This week, "The Hobbit: The Battle of Five Armies" aims at taking viewers on a powerful journey in the final installment of the three-part film adaptation of J.R.R. Tolkien's The Hobbit. With a production budget for the trilogy of over $750 million, film creators are guaranteed to bring Tolkien's magnificent vision for Middle-Earth to life. For Tolkien superfans, this means brushing up on your "Elvish"!
Celebrated with a cult-following across the globe, Elvish, a constructed language or "conlang," is more than a code, like Pig Latin, and more than fabricated Nadsat slang spoken by the thugs in A Clockwork Orange. As one of the most well-known of the fantasy languages invented for science fiction film, television and book, and developed by J.R.R. Tolkien himself, Elvish is comprised of several thousand words and compelling sentence structure convictions.
Constructed languages like Elvish are real languages, made-up of thousands of words created by fantasy writers, linguists and fans, with real language rules. While an extensive vocabulary is advantageous to a constructed language, there is a key differentiator we can see between just a lot of words and real language: Grammar.
Grammar is what makes conlangs like Elvish, Dothraki in "Game of Thrones," Na'vi in "Avatar," and Klingon in "Star Trek," learnable by every day superfans. To many, one of the most captivating things about Game of Thrones is the language created for the Dothraki people. In the first season of the cult television show, viewers watched along as Daenerys Targaryen struggled to learn the language spoken by the people she was to assimilate with.
Superfans of "The Hobbit," "The Lord of the Rings," "Game of Thrones," "Avatar," and "Star Trek" have dedicated websites and created resources, dictionaries, apps and translators, to teach enthusiasts these languages. They have also created online communities where fans can discuss conlang, create new words based off of the already existing lexicon, and continue to study Dothraki, Na'vi, Klingon and Elvish.
So what does it take to be a master of Elvish conlang?
People can memorize 5,000 words of Russian, and still be unable to construct or understand a language. This is why people have to know how to put words together, otherwise a child merely learning a language will be better equipped to have a conversation that makes sense to others. Real language has patterns and principles that speakers learn to guide them in constructing sentences. That is, real language has grammar.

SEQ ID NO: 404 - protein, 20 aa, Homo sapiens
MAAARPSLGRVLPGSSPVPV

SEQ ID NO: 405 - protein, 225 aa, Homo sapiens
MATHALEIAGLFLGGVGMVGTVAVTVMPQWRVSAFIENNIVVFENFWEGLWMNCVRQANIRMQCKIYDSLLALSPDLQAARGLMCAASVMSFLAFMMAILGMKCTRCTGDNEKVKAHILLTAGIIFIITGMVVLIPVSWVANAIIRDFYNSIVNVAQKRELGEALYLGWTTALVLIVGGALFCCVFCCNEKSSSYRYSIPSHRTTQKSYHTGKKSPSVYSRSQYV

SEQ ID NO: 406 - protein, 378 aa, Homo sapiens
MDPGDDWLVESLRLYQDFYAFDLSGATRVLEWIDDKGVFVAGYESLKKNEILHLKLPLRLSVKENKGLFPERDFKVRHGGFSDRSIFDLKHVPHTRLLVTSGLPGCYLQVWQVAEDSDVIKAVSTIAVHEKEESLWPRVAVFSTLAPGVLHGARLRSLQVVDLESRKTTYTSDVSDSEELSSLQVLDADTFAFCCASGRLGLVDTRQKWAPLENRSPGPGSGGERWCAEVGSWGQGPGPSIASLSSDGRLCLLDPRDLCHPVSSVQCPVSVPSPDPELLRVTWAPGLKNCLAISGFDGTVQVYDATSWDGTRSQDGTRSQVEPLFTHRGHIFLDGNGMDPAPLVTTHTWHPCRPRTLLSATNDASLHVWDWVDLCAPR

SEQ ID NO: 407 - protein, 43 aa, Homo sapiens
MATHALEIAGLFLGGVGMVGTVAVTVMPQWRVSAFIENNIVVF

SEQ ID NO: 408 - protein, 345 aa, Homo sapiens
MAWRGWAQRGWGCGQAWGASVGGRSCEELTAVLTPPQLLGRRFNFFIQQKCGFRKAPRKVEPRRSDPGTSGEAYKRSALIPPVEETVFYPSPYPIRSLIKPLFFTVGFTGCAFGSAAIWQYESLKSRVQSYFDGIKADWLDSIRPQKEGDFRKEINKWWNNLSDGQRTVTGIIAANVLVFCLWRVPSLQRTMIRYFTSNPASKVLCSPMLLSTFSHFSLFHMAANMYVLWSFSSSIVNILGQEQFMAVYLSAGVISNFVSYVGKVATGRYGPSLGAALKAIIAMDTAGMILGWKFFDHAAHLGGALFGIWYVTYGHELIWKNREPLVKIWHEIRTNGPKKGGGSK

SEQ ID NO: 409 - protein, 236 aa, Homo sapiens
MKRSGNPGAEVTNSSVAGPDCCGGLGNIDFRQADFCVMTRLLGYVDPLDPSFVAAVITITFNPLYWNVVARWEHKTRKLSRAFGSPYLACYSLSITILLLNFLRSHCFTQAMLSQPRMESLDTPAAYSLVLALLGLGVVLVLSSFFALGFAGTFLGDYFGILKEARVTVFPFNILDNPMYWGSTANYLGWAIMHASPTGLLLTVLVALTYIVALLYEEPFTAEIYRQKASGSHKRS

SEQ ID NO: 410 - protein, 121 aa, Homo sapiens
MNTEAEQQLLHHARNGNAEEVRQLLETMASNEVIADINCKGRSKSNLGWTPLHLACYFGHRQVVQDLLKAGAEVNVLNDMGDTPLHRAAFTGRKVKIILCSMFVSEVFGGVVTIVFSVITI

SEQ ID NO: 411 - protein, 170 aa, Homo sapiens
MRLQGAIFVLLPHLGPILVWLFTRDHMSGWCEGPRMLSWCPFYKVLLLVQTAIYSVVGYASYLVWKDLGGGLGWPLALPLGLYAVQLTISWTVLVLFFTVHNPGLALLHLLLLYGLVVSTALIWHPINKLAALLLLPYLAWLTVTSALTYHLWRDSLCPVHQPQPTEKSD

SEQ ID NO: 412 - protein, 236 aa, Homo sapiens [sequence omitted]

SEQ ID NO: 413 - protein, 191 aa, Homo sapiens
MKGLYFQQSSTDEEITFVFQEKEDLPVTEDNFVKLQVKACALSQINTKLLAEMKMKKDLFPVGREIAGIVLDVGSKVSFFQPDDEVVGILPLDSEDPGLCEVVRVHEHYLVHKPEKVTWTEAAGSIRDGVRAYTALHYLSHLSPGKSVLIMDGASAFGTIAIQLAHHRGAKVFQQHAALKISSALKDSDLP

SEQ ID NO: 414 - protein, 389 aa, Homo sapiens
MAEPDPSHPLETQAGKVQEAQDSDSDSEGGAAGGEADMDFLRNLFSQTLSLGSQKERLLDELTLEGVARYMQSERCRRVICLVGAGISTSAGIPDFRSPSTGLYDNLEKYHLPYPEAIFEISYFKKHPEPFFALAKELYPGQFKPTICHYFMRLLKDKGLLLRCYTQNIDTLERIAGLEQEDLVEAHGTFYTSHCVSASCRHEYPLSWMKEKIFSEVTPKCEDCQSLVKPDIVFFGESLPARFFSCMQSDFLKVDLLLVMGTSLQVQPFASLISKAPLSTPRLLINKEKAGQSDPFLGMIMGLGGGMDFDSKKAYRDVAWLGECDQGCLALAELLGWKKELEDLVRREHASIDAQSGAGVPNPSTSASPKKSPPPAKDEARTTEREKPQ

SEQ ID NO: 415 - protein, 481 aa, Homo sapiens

In learning Elvish, there are a couple of grammar components to keep in mind that can be understood in relation to the English language. For instance, in order to make a verb past tense in English, you have to add an -ed, making wash, washed. Similarly in Elvish, in order to change the word for wash, which is allu, to the past tense then you have to add an -ne to the word. So washed is then translated to allu-ne in past tense.
Nouns in Elvish are different in the way that the noun changes depending on how it's used in a sentence, just like in Latin or Russian. For instance, the word head in Elvish is CAS. However, if you duck your head, then the word changes to CARA. If you butt something then you do it with your CARINEN. When referencing something in your head, then it changes to CASSE. Tolkien's immense attention to detail in creating the fantasy world illustrated in The Lord of the Rings and The Hobbit, complete with multiple functioning invented languages, has captivated readers and movie viewers for decades.
Elvish is only one of the many magical languages developed by J.R.R. Tolkien. The feat of creating language for fantasy has proven to add to viewers and readers experiences. By transplanting their imagination to a new world, fans are able to learn the new language and engage with each other, much like their favorite characters.
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